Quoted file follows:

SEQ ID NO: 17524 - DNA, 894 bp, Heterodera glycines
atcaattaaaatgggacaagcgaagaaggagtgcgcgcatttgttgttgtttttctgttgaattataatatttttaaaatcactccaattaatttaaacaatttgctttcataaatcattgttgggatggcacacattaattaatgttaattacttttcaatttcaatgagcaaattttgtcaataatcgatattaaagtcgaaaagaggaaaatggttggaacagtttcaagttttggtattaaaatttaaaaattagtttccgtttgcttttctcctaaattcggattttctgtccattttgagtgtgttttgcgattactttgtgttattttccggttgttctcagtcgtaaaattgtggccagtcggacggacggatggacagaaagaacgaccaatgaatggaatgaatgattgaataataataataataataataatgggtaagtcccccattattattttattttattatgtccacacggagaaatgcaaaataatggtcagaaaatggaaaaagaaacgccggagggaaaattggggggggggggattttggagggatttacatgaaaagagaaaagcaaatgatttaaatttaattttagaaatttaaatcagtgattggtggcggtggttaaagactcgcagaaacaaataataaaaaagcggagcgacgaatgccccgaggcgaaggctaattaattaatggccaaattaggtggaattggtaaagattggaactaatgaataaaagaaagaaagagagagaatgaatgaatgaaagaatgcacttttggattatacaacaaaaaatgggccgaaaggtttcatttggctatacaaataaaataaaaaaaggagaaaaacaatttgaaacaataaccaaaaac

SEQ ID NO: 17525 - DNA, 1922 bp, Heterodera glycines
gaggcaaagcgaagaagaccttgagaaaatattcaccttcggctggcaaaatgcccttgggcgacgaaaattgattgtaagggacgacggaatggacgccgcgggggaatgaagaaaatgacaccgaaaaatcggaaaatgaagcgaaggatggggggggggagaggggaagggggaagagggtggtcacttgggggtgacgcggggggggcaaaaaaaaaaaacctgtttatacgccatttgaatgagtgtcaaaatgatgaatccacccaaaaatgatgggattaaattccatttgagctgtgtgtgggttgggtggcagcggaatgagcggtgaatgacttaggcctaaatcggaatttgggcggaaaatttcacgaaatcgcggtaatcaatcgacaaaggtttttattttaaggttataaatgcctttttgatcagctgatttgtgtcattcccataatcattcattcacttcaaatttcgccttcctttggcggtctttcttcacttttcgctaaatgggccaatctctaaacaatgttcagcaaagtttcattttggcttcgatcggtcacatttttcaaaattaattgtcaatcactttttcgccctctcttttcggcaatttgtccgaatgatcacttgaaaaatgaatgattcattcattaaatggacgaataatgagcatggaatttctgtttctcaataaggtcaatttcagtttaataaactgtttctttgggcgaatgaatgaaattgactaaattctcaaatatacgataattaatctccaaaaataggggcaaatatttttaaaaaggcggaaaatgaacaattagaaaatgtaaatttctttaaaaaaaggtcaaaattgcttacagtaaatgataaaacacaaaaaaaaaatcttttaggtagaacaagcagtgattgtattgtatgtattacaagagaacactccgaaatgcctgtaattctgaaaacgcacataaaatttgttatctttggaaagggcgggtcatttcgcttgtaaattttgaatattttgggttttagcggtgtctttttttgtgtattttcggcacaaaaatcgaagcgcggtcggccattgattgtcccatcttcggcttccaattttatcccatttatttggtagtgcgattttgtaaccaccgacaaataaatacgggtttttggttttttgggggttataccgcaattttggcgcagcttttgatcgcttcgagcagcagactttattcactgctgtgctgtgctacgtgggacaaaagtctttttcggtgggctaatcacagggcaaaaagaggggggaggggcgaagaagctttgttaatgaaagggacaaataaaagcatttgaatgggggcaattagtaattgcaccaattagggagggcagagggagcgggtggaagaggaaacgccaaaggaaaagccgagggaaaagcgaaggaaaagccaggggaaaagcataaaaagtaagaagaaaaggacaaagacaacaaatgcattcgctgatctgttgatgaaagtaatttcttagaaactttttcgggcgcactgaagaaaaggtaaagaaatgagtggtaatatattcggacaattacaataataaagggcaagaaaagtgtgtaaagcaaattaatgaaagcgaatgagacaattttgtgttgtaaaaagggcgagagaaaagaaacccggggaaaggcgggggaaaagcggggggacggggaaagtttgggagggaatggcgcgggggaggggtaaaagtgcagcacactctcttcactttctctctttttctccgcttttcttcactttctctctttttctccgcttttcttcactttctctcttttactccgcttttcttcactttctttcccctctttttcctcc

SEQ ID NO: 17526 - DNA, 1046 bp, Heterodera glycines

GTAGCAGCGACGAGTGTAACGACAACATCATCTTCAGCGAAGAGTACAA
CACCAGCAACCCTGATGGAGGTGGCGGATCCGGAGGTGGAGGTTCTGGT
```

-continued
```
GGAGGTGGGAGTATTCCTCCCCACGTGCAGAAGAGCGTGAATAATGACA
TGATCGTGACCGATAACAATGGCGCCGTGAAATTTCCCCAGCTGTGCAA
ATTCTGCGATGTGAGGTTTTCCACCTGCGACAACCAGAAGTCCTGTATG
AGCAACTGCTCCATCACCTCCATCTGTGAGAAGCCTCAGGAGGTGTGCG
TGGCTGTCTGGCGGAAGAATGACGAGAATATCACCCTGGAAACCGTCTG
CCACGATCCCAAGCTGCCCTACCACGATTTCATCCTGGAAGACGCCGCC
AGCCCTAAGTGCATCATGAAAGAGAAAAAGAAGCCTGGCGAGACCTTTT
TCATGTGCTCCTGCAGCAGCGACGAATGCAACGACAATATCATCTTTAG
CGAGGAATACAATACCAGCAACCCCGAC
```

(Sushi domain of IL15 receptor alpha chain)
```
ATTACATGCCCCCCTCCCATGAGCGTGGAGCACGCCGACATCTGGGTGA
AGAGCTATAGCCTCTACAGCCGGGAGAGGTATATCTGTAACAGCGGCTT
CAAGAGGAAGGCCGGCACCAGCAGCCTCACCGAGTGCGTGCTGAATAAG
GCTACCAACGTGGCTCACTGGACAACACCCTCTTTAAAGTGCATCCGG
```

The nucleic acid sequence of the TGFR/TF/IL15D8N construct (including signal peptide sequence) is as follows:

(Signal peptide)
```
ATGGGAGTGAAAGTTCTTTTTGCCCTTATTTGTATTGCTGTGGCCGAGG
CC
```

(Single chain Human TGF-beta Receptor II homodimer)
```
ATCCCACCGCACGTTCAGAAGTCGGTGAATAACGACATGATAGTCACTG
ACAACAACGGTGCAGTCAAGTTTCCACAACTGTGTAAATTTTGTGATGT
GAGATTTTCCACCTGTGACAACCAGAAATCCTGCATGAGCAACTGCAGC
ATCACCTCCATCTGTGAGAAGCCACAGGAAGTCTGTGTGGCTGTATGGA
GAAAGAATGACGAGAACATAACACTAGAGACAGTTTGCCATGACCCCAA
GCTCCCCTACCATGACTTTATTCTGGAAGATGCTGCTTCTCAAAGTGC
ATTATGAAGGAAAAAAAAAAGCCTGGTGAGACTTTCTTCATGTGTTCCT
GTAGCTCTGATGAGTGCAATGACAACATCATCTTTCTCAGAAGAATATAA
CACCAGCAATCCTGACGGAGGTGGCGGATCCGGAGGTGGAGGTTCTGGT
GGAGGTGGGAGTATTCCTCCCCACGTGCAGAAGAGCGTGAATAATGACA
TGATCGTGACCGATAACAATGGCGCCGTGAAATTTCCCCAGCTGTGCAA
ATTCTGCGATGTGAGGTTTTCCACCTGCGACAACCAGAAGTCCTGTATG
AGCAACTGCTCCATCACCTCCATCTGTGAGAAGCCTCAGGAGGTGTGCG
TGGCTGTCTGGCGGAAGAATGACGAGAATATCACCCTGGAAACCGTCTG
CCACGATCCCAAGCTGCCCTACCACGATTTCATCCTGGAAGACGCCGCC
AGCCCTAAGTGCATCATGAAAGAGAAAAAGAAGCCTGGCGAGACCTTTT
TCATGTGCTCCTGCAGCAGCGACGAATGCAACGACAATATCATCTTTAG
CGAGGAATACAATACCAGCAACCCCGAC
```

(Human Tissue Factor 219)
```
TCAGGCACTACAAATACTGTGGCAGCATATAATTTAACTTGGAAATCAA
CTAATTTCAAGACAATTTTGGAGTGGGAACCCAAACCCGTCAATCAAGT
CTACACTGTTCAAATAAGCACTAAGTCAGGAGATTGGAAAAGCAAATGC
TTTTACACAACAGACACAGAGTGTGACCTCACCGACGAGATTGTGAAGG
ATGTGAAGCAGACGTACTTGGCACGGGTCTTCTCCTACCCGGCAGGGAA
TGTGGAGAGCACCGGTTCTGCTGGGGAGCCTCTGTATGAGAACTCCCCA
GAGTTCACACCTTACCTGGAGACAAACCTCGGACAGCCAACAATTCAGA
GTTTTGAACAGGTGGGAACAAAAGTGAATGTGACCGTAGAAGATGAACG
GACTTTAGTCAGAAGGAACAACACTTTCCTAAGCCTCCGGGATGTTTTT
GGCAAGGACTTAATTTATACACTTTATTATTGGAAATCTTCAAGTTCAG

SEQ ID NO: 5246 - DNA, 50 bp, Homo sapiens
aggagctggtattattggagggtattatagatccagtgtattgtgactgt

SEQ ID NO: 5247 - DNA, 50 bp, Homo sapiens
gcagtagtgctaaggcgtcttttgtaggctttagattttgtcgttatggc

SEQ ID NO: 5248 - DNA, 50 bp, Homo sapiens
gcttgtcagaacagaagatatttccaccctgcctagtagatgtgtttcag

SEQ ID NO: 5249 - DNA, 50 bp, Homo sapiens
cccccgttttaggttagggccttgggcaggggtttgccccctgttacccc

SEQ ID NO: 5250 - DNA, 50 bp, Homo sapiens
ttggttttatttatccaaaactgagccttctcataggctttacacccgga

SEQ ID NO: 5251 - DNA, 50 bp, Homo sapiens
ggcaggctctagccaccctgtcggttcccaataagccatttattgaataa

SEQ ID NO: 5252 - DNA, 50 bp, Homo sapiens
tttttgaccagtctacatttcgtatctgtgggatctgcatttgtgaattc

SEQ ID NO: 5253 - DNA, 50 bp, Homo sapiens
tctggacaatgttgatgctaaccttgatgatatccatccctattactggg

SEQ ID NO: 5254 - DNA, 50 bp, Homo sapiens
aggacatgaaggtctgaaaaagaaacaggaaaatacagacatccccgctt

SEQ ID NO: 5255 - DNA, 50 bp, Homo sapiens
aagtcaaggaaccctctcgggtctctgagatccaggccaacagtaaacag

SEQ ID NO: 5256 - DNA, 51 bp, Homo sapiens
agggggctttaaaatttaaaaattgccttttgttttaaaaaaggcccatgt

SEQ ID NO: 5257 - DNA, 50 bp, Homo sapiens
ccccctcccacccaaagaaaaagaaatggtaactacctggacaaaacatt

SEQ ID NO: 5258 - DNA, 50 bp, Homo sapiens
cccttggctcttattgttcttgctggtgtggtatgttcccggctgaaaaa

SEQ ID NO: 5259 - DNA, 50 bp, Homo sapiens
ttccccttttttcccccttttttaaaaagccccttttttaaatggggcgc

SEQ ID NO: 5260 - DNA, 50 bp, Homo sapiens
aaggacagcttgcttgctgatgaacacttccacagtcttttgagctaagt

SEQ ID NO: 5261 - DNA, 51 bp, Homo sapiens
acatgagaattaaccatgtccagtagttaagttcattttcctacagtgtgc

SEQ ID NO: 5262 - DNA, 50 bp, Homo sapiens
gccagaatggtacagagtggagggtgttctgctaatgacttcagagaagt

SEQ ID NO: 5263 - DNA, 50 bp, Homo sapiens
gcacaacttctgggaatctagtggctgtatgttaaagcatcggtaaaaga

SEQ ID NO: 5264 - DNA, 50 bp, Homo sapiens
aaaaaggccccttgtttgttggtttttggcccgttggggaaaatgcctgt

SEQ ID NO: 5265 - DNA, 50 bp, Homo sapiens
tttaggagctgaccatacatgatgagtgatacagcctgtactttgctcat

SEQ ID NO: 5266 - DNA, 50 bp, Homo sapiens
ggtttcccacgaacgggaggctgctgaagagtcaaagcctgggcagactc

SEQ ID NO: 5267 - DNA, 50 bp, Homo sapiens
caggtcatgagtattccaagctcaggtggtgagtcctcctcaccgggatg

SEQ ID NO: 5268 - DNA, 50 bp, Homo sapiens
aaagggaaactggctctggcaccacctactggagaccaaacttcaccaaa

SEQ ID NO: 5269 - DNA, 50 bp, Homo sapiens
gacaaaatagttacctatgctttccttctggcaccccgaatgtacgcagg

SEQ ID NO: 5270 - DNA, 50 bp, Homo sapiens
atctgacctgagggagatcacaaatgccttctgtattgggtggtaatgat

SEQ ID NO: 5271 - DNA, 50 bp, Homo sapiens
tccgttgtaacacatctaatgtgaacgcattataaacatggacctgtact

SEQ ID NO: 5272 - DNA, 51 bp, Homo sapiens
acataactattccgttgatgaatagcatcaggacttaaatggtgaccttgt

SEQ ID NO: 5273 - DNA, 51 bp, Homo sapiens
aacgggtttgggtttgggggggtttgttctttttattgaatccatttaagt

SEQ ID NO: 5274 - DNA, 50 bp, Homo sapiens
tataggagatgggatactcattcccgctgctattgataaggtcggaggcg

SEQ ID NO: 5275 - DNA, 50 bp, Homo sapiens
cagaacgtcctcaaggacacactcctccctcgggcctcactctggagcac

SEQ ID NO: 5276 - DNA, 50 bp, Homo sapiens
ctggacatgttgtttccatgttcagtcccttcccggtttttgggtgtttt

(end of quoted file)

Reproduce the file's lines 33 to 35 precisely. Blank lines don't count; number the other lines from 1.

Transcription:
```

(Single chain Human TGF-beta Receptor II homodimer)
```